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STAUNTON'S ANALYSIS OF THE KING'S AND QUEEN'S GAMBITS
A SERIES OF CHESS T A L E S,
ENGRAVED FROM OFIGINAL DESIGNS.
THE WHOLE EXTRACTED AND TRANSLATFD FROM THE BEST solo RCEs,
Entered, according to Act of Congress, in the year 1848. By D. APPLETON & COMPANY., in the Clerk’s Office of the District Court for the Southern District of New York
THE distinction with which the game of Chess is viewed by those initiated in its mysteries, being as well merited as it is general, it becomes superfluous with such to insist upon its right to be classed as an exalted source of recreation.
To those unacquainted with this noble game we would say, however, that it is distinguished from all other games, by the suffrages of many writers on education. Eminent men of every age and clime have been its votaries; illustrious generals have directed engagements on its field; mathematicians have examined its positions, and calculated the force of specific combinations, while divines have exercised contemplation in its vicissitudes.
“The silly prejudice,” says a late English writer, “that Chess is a mere recreation, and the acquisition of a knowledge of its principles a waste of time, has long been rejected by every one capable of forming a judgment upon the matter; and it is now generally admitted to partake more of the character of a science, than that of a simple pastime. That employment surely cannot be wholly purposeless, which enables one to exercise and bring into play many of the qualities necessary to a successful progress in the great game of life. Calculation, foresight-well arranged, and well digested plans of action,-the habit of never commencing an undertaking, until the issue of it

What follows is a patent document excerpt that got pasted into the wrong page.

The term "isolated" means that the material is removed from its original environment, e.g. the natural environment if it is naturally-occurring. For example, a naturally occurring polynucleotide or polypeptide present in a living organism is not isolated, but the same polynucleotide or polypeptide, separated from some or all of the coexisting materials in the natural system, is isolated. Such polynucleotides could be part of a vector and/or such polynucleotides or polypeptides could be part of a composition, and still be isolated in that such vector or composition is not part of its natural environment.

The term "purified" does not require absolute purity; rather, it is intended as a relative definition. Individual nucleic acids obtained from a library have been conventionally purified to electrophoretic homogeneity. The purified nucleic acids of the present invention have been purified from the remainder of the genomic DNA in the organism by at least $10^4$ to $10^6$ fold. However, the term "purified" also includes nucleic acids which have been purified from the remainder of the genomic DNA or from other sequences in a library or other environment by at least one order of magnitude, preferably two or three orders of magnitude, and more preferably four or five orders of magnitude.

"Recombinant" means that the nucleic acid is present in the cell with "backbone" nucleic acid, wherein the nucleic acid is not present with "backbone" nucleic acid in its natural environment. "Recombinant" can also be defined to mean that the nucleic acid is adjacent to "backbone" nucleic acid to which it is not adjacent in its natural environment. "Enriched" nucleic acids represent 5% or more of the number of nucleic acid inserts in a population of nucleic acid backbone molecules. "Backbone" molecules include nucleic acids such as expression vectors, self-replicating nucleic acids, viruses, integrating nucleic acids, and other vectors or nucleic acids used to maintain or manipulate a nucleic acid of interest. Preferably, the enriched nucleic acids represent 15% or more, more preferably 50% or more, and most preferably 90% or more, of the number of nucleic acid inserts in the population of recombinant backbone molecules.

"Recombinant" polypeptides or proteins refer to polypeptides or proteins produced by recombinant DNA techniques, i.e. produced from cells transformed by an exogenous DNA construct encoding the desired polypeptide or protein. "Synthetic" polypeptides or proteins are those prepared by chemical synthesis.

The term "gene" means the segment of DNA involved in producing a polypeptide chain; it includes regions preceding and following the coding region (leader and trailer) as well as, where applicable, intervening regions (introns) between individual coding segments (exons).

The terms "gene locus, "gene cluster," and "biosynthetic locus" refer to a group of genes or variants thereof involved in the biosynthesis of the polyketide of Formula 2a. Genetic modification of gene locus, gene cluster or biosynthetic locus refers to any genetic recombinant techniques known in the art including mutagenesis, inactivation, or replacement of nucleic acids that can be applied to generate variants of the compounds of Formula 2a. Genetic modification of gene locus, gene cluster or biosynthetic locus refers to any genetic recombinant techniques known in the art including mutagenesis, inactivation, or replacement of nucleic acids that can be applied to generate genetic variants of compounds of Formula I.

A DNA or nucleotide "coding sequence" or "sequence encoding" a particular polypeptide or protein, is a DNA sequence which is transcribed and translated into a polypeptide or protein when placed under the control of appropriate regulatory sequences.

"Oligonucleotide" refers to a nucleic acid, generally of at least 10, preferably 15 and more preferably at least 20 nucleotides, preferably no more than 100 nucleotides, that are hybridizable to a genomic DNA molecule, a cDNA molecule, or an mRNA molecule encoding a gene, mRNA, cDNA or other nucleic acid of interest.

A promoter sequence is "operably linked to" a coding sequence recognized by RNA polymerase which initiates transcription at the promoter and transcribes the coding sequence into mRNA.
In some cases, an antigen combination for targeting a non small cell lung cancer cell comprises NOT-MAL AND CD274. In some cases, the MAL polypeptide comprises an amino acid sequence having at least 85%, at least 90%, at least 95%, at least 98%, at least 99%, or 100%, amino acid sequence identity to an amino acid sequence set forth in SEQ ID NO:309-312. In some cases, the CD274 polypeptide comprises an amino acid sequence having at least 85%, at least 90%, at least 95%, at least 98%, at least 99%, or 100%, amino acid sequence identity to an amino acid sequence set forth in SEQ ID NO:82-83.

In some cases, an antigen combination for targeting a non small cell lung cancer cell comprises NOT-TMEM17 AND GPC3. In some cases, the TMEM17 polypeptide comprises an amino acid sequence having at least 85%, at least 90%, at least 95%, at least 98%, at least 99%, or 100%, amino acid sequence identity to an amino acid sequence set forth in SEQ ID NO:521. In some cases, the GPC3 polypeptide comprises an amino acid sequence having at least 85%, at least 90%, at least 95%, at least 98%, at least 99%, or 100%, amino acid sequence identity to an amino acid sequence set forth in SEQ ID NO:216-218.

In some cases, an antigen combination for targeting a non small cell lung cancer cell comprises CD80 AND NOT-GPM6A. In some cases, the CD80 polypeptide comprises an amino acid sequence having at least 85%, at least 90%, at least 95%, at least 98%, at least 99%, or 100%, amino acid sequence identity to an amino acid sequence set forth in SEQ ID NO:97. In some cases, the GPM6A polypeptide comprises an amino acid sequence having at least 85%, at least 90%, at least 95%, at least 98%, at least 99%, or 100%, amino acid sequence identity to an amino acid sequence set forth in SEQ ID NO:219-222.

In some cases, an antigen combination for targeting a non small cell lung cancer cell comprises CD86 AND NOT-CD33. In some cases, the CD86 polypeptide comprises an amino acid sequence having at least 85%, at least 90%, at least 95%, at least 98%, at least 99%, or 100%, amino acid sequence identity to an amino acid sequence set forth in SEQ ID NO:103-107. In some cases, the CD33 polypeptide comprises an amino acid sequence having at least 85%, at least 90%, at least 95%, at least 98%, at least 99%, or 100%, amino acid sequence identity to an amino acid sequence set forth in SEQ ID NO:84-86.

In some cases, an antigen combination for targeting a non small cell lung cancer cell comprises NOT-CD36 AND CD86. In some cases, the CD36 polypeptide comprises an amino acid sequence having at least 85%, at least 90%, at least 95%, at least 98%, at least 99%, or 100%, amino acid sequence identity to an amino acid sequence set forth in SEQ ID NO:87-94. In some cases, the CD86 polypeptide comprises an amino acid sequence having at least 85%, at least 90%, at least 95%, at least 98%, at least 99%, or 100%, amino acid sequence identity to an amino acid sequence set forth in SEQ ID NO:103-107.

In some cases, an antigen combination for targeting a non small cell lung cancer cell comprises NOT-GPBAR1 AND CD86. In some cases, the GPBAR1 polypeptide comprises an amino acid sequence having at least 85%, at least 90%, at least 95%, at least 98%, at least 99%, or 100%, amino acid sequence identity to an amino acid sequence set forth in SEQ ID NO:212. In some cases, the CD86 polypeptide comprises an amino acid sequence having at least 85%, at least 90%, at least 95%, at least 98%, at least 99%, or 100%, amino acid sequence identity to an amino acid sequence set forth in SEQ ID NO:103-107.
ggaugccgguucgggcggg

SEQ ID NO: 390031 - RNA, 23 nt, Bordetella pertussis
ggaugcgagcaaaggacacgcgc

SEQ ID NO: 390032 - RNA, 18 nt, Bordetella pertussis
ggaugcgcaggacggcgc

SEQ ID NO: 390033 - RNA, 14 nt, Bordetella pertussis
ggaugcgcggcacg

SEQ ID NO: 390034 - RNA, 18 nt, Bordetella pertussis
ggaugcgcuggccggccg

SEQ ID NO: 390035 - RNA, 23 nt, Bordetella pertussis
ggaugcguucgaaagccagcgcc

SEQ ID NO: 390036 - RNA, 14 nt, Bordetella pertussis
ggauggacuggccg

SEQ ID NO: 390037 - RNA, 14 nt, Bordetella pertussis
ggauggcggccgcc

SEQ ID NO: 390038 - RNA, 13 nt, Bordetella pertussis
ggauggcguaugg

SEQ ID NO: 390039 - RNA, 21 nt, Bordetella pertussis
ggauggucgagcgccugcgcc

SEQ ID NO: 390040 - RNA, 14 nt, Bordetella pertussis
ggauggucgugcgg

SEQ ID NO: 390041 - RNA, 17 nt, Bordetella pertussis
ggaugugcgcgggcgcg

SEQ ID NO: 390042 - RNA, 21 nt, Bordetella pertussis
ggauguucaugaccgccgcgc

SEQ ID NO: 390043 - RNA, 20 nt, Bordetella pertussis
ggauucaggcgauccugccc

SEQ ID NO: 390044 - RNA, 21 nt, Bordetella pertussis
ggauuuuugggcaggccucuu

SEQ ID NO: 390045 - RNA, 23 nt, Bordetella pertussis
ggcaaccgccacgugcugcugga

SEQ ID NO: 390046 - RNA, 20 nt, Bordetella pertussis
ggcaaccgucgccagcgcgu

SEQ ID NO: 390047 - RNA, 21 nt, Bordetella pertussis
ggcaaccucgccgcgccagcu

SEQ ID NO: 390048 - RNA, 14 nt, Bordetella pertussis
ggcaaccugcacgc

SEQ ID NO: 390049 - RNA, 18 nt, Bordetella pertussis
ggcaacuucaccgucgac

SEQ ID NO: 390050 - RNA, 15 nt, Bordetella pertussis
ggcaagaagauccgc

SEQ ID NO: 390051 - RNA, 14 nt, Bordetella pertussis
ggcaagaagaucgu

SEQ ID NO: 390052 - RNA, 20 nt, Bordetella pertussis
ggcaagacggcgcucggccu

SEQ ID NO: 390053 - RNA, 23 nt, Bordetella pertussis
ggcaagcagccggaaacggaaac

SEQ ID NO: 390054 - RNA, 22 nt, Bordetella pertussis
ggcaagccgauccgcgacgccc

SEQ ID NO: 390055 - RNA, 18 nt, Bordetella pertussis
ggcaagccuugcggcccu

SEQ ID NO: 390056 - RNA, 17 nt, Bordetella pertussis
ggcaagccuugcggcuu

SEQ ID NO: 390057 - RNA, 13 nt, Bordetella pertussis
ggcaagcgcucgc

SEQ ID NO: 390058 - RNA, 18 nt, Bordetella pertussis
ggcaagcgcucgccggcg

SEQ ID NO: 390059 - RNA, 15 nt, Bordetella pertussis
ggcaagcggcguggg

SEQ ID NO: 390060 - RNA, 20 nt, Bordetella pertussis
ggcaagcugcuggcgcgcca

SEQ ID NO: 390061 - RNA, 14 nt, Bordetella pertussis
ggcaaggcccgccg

has been thoroughly considered,—steadiness in prosperity, patience in difficulty, a strictly guarded temper; and last, though not least, courtesy and amenity of manner-all these are requisite to make a good Chess-player; and will the possession of them not do yeoman's service to any man, be his profession or calling what it may ? To the objection, that Chess is apt to engross time that ought to be devoted to more important objects, it may be answered, that abuse does not abrogate use; and that a habit of intoxication in one person is no reason why another, who has more command over himself, should not be solaced with an occasional glass or two of wine.” In our own country, Benjamin Franklin, than whom a greater economist of time never existed, was a warm advocate of the game of Chess. The following extract from his memoirs shows, that rather than relinquish his favorite recreation, he devised means to turn to account the time he allotted to its pursuit: “I had begun in 1733,” says he, “to study languages; I soon made myself so much a master of the French, as to be able to read the books in that language with ease; I then undertook the Italian: an acquaintance, who was also learning it, used often to tempt me to play Chess with him: finding this took up much of the time I had to spare for study, I at length refused to play any more, unless on this condition, that the victor in every game should have a right to impose a task, either of parts of the grammar to be got by heart, or in translations, &c. which tasks the vanquished was to perform upon honor before our next meeting: as we played pretty equally, we thus beat one another into that language.” At the period above referred to, Franklin was but twenty-eight years of age : in after life, and amid his busy career, Chess was ever his favorite source of relaxation. He has left us an essay entitled “The Morals of Chess,” from which it may not be irrelevant in an American book, to quote a few passages: